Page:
MAURDOR Evaluation Package

Full Official Name: MAURDOR Evaluation Package
Submission date: Feb. 26, 2015, 5:52 p.m.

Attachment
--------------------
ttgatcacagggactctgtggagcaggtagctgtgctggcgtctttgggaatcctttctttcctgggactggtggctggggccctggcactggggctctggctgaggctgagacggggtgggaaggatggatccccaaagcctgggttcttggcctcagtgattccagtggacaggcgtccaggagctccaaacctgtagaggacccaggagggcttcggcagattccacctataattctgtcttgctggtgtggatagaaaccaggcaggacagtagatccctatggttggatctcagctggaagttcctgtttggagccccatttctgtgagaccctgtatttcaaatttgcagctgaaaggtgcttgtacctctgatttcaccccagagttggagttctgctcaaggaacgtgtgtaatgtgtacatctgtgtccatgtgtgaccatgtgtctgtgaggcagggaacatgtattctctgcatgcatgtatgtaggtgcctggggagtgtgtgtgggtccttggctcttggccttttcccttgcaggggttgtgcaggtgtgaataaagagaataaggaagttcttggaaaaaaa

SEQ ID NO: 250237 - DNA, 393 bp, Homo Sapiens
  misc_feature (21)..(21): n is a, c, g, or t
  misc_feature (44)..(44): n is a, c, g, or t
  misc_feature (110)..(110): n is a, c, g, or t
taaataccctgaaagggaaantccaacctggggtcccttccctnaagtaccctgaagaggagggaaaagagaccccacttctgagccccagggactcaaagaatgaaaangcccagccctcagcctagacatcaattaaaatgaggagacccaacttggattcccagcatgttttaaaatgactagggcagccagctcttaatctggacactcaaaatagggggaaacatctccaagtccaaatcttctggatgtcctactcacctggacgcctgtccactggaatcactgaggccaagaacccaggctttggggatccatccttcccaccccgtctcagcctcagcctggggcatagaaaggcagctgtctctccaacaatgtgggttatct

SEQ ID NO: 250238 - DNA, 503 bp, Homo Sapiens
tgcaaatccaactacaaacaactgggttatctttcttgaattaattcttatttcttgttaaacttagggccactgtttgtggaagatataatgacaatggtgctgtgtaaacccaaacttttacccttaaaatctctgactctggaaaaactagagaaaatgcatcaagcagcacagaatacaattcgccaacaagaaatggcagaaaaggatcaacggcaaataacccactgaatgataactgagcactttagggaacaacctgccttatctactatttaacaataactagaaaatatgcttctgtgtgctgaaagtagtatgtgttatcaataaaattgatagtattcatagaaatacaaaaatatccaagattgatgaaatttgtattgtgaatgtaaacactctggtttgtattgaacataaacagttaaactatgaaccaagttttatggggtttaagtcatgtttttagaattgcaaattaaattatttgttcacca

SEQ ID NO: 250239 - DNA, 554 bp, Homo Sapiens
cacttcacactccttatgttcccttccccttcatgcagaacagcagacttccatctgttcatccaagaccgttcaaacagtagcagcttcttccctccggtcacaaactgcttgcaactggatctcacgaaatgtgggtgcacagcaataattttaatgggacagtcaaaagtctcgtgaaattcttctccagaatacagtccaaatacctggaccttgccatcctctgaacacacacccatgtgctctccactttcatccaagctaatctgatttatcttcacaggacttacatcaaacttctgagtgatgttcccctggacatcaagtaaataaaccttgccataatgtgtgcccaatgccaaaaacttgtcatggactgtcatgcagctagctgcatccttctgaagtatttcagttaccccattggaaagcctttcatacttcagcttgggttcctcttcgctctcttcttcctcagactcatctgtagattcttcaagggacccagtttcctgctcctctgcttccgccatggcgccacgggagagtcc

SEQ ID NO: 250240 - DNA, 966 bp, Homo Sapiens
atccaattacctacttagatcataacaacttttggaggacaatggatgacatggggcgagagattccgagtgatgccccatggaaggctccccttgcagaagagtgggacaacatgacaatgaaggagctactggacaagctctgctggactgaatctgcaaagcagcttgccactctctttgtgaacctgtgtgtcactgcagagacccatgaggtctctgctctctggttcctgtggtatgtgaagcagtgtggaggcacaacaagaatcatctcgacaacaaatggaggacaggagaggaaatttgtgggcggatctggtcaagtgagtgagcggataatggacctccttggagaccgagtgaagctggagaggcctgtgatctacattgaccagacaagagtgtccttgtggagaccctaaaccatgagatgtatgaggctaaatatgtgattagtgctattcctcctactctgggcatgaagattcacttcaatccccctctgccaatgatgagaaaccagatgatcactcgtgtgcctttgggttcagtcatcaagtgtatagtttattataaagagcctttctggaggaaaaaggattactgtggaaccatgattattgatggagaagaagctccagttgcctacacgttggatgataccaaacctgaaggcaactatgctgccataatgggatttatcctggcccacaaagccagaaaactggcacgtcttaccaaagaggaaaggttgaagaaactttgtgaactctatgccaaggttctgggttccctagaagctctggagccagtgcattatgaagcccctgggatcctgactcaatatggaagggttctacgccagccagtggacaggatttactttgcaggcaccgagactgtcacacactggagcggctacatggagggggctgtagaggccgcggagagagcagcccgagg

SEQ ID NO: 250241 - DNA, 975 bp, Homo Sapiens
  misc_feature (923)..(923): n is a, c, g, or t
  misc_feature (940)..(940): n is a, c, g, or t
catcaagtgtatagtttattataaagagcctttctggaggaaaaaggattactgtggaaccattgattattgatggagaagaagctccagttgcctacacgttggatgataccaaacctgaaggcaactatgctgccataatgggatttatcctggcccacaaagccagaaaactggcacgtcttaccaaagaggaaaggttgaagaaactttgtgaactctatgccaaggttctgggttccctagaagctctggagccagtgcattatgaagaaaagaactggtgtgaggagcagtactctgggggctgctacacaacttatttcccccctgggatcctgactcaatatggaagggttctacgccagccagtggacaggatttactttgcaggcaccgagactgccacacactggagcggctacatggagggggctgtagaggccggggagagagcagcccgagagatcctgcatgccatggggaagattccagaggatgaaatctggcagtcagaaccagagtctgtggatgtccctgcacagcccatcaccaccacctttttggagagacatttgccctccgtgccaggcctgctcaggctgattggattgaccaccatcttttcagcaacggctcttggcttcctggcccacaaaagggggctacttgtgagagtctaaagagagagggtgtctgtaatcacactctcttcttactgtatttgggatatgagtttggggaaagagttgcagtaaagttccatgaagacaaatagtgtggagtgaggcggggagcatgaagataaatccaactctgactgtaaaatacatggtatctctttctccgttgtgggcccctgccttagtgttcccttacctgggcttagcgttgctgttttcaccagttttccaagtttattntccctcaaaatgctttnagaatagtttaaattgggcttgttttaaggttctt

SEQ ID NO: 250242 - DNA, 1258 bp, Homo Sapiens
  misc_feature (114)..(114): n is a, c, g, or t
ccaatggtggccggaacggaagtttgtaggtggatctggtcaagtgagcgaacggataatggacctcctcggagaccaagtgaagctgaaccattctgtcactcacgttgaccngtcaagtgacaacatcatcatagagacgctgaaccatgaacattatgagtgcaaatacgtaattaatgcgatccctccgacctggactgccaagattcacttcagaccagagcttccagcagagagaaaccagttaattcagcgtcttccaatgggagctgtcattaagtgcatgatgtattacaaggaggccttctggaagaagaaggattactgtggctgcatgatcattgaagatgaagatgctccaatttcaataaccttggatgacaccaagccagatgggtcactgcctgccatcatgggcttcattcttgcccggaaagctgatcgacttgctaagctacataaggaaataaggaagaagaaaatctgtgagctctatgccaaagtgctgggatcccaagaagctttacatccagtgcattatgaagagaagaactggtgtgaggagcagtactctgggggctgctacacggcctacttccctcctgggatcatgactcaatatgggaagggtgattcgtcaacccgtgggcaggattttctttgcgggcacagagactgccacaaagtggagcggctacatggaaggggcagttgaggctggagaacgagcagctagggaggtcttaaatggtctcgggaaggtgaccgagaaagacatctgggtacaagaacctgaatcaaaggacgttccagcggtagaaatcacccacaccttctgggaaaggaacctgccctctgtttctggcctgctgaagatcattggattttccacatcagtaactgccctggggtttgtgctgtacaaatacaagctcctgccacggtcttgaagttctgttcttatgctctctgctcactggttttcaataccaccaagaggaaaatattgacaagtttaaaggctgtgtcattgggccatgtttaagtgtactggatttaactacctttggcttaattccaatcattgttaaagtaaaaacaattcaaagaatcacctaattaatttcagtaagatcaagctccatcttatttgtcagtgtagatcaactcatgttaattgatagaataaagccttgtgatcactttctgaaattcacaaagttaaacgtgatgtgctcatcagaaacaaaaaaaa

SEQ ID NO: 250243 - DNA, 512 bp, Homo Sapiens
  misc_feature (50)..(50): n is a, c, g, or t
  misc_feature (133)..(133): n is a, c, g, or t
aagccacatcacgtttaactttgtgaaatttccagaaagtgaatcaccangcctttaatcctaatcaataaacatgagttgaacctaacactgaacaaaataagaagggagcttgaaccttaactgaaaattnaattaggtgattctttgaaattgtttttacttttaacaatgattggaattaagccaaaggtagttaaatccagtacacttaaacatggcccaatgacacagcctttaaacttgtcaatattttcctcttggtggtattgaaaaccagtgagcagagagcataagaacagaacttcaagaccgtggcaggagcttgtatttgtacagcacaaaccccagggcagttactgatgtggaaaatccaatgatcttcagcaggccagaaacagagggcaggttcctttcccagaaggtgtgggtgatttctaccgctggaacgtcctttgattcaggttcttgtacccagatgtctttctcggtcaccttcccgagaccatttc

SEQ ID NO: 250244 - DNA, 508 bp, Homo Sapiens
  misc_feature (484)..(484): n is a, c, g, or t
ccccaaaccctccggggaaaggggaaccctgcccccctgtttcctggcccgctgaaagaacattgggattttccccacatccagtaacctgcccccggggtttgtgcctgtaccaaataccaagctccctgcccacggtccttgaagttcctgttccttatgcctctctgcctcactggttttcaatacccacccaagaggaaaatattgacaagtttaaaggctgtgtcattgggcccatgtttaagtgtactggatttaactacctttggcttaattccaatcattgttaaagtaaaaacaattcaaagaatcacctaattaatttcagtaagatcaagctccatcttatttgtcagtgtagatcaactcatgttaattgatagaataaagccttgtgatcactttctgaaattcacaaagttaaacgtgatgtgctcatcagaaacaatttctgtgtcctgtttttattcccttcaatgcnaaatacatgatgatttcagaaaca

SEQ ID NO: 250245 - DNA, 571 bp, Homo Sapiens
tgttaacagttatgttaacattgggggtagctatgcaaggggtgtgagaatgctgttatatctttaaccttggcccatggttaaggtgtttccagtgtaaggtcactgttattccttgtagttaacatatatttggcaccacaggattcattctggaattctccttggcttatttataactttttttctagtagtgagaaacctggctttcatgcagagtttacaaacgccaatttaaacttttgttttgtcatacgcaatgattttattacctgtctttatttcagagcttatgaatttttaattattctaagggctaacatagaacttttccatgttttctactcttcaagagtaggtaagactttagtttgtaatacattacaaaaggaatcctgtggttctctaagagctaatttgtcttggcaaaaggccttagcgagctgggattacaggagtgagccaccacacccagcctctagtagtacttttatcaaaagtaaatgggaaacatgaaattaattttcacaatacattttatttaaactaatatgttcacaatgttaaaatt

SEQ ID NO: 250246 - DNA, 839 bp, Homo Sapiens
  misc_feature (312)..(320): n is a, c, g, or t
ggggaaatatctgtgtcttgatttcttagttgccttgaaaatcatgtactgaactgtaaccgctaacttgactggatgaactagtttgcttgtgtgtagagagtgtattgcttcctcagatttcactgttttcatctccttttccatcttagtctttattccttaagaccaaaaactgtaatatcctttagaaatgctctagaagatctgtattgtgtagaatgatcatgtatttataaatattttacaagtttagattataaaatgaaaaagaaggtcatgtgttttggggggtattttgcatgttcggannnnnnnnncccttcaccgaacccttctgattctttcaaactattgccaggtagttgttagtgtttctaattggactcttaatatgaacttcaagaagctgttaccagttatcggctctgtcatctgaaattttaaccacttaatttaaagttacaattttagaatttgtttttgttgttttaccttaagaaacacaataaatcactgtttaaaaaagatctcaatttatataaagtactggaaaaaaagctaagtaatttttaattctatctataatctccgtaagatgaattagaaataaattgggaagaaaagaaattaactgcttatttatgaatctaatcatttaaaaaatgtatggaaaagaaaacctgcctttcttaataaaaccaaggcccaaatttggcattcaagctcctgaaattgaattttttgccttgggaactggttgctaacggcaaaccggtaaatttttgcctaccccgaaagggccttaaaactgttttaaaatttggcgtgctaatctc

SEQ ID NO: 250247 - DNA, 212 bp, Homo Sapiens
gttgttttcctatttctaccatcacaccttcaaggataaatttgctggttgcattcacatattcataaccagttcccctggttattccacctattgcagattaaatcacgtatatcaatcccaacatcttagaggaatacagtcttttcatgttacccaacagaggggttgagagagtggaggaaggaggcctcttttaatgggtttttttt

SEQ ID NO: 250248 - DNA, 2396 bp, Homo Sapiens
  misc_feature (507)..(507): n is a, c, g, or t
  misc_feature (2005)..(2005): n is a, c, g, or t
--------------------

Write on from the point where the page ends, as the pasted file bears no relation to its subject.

The MAURDOR project consists in evaluating systems for automatic processing of written documents. Collected written documents are scanned documents (printed, typewritten or manuscripts). In order to get images for the evaluation of automatic analysis systems, 10,000 original documents were collected and annotated (5000 in French, 2500 in English and 2500 in Arabic). This package contains 8,129 documents out of the 10,000 originally collected. Each of the 8129 documents belongs to one of the 5 following categories: C1: Printed form (completed in manuscript) C2: Commercial, private or professional document, printed or photocopied C3: Manuscript private correspondence C4: Typewritten private or professional correspondence C5: Others Once collected, those documents were submitted to a manual annotation. This human analysis is used as a reference, known as ground truth, for the training and evaluation of automatic processing systems. Annotations aim to highlight the following information: 1. How the document is structured (text zones, images...)? 2. Which writings are present, with their type (manuscript/typewritten) and their language (French, English, Arabic, other)? 3. What is the main information in the documents (author, recipient, subject, date...)? The MAURDOR evaluation campaign provides a common framework for the reporting of current performances of systems for automatic processing of digital documents. This package contains the material provided to the campaign participants: - Consistent development and test data corresponding to the application concerned; - Tools for the automatic measurement of system performances; - A common assessment protocol applicable to each processing stage, along with a complete automatic processing chain for written documents. The documents are provided in TIFF format and the annotations are provided in XML format. The aim of this evaluation package is to enable external players to evaluate their own system and compare their results with those obtained during the campaign itself.

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